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Light and comfortable
This is a very comfortable bag with water resistant treated down, solidly built and a unique entrance with no zipper. It really is not difficult to get in and out of, certainly not worse than a zipper, and no zipper snags to deal with in the middle of the night. I also like the "flap" at the opening because it feels like a comforter at home. The unique side walls makes a great pocket for your arms to keep them warm and not dangling off of the sleeping pad. Roomy in the knees though the footbox is fairly narrow. The down is reasonably fluffy and not clumpy - though the tag cites 80% down minimum, which I assume means some feather could be mixed in. Looking through the bag into light, I'd say feathers or dense clumps are 5% at most. As a dust-mite allergy sufferer, I've been pleased with modern treated down as the mites don't seem to colonize the material as they do for untreated down and feathers.
Only a few minor complaints: (1) the dark color is very emo, and isn't going to brighten up the tent or give a cheery feeling out in the woods alone. Very odd. (2) the opening flap has hooks to keep it in place; they are much more challenging to engage than they should be, and would be a pain getting in and out in the night. So far, I've not been using them and just tucking-in the flap. (2) the pad sleeve only supports using std. narrow pads, so your favorite wide pad isn't going to work... but you can just skip the sleeve if you are certain to not slip off the pad. There is no insulation underneath the torso - like the Sierra Designs backcountry bed or a quilt (3) the strap to secure the pad is cumbersome and difficult to connect the single spiked clip - would be be Much simpler, faster, and easier to use with a std. two-part clip. I'd like to replace it if I can find a small clip. (4) the down shifts a lot within the each tube (but not between tubes thankfully) so you need to redistribute before climbing in or even after - which is std. procedure for many down bags. (5) I doubt this is a 20 degree bag and 50 degrees may be the lower limit for cold sleepers like me. The warmth of the pad will really dictate how warm you want the bag to be. That said, it is probably too warm for summer use, but great for summer alpine trips, and it is so light and small, it would be very handy to throw on top if the night turned cold.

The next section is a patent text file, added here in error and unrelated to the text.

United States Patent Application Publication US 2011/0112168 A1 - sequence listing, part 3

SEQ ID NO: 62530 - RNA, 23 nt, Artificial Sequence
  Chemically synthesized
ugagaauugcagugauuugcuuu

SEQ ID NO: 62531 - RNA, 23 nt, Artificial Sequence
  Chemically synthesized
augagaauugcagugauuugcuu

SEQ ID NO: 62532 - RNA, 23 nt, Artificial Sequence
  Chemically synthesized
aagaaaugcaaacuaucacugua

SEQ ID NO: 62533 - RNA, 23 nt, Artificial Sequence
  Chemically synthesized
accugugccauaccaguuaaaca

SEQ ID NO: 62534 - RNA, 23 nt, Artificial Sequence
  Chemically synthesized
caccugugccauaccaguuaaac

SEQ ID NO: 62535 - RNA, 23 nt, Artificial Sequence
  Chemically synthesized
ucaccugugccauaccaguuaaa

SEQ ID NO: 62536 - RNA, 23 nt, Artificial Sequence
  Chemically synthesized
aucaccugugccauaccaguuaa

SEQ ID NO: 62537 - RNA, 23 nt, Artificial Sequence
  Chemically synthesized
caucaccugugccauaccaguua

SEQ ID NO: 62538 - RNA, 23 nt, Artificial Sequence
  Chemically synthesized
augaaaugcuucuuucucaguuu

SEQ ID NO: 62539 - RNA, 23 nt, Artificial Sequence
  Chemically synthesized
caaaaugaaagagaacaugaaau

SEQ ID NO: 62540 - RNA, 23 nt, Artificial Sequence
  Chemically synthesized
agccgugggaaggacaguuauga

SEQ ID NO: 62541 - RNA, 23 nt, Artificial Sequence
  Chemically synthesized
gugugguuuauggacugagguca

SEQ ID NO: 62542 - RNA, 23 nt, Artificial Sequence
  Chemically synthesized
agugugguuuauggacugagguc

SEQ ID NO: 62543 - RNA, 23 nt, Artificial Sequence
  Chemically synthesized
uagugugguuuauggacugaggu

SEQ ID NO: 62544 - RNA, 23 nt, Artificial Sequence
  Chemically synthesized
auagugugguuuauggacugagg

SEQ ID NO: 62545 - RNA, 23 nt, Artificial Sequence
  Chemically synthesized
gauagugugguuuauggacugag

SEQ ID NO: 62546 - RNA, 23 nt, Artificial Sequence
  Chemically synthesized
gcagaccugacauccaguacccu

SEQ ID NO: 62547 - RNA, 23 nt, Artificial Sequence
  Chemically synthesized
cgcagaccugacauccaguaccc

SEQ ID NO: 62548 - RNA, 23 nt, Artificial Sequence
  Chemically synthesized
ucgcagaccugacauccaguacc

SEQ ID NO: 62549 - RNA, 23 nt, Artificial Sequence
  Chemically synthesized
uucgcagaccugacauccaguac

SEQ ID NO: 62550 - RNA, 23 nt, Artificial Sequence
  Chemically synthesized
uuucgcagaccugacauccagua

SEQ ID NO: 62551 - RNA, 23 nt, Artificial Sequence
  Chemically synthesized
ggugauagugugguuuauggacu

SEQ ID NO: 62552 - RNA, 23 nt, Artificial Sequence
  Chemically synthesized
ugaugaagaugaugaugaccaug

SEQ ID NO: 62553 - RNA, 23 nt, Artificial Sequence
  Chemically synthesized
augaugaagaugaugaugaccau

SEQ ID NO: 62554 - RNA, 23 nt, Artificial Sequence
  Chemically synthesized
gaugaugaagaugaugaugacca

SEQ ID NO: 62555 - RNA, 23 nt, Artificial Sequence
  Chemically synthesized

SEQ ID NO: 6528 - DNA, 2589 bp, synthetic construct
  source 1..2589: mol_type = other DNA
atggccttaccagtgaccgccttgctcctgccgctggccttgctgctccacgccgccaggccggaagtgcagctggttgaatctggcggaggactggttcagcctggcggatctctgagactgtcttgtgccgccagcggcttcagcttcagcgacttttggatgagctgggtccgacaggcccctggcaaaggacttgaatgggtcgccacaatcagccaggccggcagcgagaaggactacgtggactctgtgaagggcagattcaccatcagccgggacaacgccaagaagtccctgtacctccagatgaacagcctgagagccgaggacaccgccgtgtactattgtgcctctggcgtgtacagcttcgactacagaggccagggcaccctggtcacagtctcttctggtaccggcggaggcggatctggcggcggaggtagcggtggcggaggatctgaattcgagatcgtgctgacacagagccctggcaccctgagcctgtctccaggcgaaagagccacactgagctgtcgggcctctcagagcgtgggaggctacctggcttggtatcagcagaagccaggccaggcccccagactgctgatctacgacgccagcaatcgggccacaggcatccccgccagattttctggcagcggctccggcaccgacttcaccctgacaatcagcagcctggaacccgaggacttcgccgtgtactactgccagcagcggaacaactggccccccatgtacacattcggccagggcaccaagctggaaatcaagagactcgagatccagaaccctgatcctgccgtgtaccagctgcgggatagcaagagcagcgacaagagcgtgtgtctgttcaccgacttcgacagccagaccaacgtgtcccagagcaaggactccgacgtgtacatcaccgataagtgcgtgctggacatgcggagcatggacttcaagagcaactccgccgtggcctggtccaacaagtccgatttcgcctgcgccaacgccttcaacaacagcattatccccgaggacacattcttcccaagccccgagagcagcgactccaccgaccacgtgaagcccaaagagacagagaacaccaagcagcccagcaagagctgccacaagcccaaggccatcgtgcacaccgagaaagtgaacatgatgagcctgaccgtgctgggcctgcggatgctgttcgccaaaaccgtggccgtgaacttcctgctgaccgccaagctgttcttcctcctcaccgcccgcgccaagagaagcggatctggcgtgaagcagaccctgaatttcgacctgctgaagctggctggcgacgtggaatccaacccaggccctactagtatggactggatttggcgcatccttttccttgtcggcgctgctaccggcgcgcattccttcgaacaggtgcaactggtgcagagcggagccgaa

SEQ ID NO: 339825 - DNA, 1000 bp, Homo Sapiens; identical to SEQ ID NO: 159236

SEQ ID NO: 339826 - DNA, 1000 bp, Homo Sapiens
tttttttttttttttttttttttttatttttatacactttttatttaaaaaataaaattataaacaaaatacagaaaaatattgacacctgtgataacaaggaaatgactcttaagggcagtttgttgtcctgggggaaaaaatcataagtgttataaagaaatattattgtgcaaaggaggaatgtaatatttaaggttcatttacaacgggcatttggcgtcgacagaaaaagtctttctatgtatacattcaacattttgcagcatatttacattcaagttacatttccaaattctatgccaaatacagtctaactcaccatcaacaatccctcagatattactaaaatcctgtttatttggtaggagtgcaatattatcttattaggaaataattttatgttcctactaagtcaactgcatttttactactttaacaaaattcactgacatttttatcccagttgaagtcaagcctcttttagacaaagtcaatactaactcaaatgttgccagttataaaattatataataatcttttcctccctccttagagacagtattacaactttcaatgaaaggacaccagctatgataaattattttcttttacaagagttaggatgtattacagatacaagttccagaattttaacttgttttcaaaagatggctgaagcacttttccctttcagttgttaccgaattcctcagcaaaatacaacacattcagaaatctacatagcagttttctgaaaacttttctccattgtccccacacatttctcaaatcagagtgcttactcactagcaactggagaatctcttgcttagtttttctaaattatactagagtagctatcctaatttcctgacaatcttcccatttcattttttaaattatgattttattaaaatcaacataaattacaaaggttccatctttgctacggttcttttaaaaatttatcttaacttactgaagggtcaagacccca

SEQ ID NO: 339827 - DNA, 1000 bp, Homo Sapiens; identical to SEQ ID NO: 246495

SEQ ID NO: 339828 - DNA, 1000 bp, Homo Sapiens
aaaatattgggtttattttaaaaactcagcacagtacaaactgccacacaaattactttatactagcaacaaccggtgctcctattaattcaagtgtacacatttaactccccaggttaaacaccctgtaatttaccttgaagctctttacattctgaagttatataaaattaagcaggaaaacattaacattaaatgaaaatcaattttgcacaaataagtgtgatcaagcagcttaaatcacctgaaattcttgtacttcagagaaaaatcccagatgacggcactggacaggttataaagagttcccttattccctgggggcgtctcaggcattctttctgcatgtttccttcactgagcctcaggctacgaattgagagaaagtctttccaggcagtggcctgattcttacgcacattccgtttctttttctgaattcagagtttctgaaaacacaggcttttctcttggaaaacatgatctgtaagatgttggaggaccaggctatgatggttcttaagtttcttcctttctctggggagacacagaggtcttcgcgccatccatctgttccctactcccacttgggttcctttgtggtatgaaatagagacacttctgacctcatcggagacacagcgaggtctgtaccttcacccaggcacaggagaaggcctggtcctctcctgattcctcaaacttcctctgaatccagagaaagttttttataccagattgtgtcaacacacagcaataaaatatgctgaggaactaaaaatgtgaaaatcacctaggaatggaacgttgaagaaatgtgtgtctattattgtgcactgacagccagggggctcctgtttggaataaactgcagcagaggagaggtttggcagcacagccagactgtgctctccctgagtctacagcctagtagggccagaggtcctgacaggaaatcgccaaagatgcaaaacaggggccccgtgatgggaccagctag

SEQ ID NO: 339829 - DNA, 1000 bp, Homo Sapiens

May be too specific for some
This bag has a clever design and makes a great sleeping solution when matched with the right sleeping pad. In fact you can vary the temp rating (to some degree) of this bag to your personal preference by changing between insulated and non-insulated pads. The design is simple and leaves off the frustration of a zipper, which I also love.
The problem for me relates to the range of conditions this bag would fit. A 30 degree bag makes sense for summer only if you can fully unzip and lay it on top of yourself, expose your feet, etc. That doesn't work with this bag. I will probably need a hybrid quilt to match the weight and simplicity. Again, might just be a special case for some. Otherwise, this is a great piece of gear.
The bag requires a sleeping pad for it to actually achieve 30 degrees of warmth. I wished they had shared this before purchasing the bag. The zipperless design actually might be difficult to clip on when in the dark but I haven't tested that so that's just an assumption.
nice and light
packs small pad slides in and doesn't move all night
it is better than any i ever had
i don't have any dislikes
The thing I like about this bag is that, well, my fiance loved it! I haven't personally used the bag, but she had zero complaints. Thus making it the excellent bag. :)